Panel 1 - Princeville, North Carolina

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Freedom Hill was a community of freed slaves following the Civil War. In 1885 it was renamed after ex-slave Turner Prince and incorporated as Princeville, North Carolina. It is the oldest incorporated municipality of freed slaves in America. The Town Hall, originally a Rosenwald school, is now the community's African-American museum.

DAVID WALKER  (1785 – 1830)
Author of a 76-page incendiary anti-slavery pamphlet, "Walker’s Appeal," urging slaves to rise up and free themselves. Widely believed poisoned as a result of large rewards offered by southern slave owners.

GEORGE HENRY WHITE  (1852 – 1918)
A lawyer, real estate developer, and Republican U.S. Congressman between 1897 and 1901. The last African-American Congressman of the Reconstruction era.

HARVEY E. BEECH (1923 – 2005)
Legal and philanthropic legend and a staunch civil rights defender, he was the first black to graduate from UNC Law School.

ABRAHAM H. GALLOWAY  (1837 – 1870) (seated)
Fugitive slave, abolitionist, organizer, and North Carolina’s principal spokesman for black rights. Chief recruiter and intelligence provider for Union officers. Twice elected state senator.

Educator and promoter of public education for blacks, she founded the NC Congress of Colored Parents and Teachers, the first such organization for African Americans in the state.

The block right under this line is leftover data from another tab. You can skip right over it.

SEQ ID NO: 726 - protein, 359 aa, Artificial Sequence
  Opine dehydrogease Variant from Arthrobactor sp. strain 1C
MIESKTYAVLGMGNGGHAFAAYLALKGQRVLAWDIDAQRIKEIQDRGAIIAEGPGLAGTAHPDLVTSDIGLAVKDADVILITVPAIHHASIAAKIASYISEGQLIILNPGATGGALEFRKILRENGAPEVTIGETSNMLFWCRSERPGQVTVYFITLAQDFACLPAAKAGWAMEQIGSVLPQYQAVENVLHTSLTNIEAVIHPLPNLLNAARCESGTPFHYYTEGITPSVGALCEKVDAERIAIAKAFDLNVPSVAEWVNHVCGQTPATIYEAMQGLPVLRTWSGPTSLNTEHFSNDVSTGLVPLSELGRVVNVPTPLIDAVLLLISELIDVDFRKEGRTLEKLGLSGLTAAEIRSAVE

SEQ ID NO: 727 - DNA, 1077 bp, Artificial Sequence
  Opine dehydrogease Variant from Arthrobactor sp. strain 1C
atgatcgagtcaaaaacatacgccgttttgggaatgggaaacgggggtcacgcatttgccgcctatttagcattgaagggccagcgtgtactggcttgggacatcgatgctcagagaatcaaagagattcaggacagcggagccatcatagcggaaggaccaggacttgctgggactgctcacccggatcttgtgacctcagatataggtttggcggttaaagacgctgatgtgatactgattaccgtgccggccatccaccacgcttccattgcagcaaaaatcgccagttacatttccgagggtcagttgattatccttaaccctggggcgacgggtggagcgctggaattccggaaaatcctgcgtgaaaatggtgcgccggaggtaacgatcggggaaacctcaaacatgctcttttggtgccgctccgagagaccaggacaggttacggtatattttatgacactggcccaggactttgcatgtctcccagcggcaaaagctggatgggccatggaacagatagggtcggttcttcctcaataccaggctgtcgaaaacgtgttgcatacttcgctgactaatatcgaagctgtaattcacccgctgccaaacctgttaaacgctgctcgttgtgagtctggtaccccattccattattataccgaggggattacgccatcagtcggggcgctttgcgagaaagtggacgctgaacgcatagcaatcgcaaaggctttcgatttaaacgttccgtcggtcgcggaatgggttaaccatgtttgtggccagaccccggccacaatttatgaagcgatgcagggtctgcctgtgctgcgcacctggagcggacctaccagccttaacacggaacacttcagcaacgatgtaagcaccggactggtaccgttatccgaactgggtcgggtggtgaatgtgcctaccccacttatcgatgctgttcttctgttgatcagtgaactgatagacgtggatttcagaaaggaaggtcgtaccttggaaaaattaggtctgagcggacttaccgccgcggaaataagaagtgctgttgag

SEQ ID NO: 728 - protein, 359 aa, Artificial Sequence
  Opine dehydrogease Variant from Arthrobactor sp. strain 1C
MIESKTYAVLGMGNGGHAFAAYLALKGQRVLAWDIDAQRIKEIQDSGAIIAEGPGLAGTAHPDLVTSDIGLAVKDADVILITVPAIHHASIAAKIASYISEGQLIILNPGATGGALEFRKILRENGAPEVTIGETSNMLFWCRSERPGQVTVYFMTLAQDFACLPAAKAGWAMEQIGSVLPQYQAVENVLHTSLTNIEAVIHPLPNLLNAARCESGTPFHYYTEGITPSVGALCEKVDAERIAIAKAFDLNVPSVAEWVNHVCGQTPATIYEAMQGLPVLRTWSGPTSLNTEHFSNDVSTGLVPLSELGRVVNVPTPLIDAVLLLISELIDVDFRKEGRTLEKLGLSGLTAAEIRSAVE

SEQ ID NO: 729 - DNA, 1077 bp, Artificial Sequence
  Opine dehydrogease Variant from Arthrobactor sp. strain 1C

JOSEPH McNEIL (in chef's jacket)
Joseph McNeil was one of the original "Greensboro Four," students from North Carolina Agricultural & Technical State University who took part in the historic Woolworth lunch counter sit-ins in Greensboro, North Carolina, in 1960. A Greensboro native, McNeil moved with his parents to New York shortly after graduating from high school. He returned to the state to attend NC A&T State University on a full scholarship, but he found it difficult to live in the segregated south after experiencing the more open society of New York. McNeil earned a degree in engineering physics and spent six years in the U.S. Air Force, where he initiated a series of diversity programs. After leaving the Air Force, he worked for IBM and as a commercial banker for Bankers Trust in New York City and as a stockbroker for E.F. Hutton in Fayetteville, North Carolina. McNeil currently lives in Hempstead, New York. He and his wife have five children.

For in-depth information about the individuals depicted in the mural, and to view the creation of the painting over 11 months from concept to completion, visit the artist's blog.

For information about publications related to some of the individuals and events featured in the mural, visit the UNC Press blog.